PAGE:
3. The Court determined that the mandate violated the Religious Freedom Restoration Act.

Since the era of Adam Smith economists have been asking, “What creates wealth?” One key answer is specialization and trade. On a timeline of human history, the recent rise in standards of living resembles a hockey stick — flatlining for all of human history and then skyrocketing in just the last few centuries.

As economist Don Boudreaux explains, without specialization and trade, our ancient ancestors only consumed what they could make themselves. How can specialization and trade help explain the astonishing growth of productivity and output in such a short amount of time—after millennia of famine, low life expectancy, and incurable disease?

Blog author: jcarter
Monday, June 30, 2014

The Intuitive Guide to Religious Liberty Law
Jordan Lorence, Public Discourse

Common sense can tell us whether particular citizens should be exempt from certain government policies for religious reasons. Codifying such instinctive judgments into formal statutes is more difficult.

Insurers Expect a Nearly $1 Billion Bailout under Obamacare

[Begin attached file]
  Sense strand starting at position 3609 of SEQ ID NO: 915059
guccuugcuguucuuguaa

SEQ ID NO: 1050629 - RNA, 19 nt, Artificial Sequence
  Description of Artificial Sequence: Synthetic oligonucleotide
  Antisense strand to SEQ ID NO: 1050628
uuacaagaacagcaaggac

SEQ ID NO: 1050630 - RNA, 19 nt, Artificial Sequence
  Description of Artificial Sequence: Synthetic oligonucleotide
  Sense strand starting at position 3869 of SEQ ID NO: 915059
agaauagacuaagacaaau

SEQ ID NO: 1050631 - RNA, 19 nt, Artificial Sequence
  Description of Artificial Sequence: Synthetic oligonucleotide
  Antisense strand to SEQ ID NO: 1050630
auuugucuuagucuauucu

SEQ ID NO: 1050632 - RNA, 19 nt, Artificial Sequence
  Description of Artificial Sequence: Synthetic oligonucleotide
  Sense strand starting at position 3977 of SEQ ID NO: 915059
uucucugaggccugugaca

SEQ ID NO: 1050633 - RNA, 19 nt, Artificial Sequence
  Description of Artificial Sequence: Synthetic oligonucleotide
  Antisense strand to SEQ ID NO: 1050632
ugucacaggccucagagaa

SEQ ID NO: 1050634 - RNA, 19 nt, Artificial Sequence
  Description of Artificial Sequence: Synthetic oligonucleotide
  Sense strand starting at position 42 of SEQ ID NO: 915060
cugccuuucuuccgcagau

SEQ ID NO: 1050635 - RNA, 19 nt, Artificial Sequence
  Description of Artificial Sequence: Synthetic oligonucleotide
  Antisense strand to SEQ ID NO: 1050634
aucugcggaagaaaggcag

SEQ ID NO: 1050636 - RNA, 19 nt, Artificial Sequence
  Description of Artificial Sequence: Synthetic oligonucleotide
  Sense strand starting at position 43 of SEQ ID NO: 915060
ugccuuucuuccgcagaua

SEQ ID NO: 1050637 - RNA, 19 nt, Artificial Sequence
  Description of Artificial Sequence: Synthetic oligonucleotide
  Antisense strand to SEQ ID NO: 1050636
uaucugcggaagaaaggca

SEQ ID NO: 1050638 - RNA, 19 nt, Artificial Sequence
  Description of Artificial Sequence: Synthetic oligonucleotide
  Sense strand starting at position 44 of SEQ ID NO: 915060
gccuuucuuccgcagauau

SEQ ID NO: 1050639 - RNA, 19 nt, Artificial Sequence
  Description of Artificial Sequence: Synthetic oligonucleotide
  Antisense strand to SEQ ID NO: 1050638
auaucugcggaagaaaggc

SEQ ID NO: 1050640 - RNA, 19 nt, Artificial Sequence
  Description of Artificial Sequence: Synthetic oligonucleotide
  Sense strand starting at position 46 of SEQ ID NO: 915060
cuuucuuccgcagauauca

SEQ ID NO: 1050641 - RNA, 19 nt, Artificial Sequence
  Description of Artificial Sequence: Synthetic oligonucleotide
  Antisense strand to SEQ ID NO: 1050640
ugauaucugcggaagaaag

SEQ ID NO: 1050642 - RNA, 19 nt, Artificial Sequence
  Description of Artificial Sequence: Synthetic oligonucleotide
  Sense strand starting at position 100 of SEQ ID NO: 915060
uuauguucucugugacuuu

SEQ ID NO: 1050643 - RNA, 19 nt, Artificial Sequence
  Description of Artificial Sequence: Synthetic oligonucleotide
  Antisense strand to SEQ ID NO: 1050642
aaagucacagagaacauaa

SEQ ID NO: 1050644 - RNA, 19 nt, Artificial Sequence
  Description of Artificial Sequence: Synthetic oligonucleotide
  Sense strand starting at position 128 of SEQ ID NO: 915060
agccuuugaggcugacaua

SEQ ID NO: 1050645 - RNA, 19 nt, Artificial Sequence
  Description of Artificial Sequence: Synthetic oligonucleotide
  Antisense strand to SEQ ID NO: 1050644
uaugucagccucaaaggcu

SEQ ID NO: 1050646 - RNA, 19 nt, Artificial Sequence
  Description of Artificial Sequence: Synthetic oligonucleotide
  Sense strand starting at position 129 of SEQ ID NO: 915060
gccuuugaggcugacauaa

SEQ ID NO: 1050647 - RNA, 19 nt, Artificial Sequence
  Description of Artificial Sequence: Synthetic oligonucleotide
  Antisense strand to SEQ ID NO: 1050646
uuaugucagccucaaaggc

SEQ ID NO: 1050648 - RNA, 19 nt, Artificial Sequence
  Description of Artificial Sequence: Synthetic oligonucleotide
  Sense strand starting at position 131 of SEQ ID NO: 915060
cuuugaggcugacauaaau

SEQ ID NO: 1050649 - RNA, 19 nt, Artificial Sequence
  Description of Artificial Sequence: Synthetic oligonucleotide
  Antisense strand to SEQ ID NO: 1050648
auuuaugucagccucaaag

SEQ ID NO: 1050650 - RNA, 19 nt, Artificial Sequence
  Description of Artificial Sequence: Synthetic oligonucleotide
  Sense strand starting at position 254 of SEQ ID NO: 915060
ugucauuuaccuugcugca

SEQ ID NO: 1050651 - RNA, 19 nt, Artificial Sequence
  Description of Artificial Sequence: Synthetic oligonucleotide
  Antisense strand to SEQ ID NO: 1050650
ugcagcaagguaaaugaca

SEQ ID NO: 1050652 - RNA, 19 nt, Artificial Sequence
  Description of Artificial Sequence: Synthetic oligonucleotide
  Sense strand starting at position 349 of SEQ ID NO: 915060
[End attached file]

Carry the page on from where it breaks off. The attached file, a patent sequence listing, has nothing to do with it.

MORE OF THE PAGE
Jeffrey H. Anderson, The Weekly Standard

Most Americans don’t think it’s their job to bail out insurance companies who lose money under Obamacare, but that’s exactly what’s poised to happen.

Reform Conservatism on Work and Poverty
Ross Douthat, New York Times

Where reform conservatives tend to argue for a welfare system and tax code organized more explicitly around work and family, Edsall’s piece makes the case that we’ve already tried something like that approach — have been trying it, in fact, since the early 1990s — and that it has worked out pretty badly, failing completely at its stated work-promoting aims while making life increasingly desperate for the very poor.

The Surprising Link between Church Attendance and Job Satisfaction
Art Lindsley, Institute for Faith, Work, and Economics

A high level of involvement in your church can help you have higher job satisfaction and commitment. That’s what Baylor University sociologists discovered in a recently published study.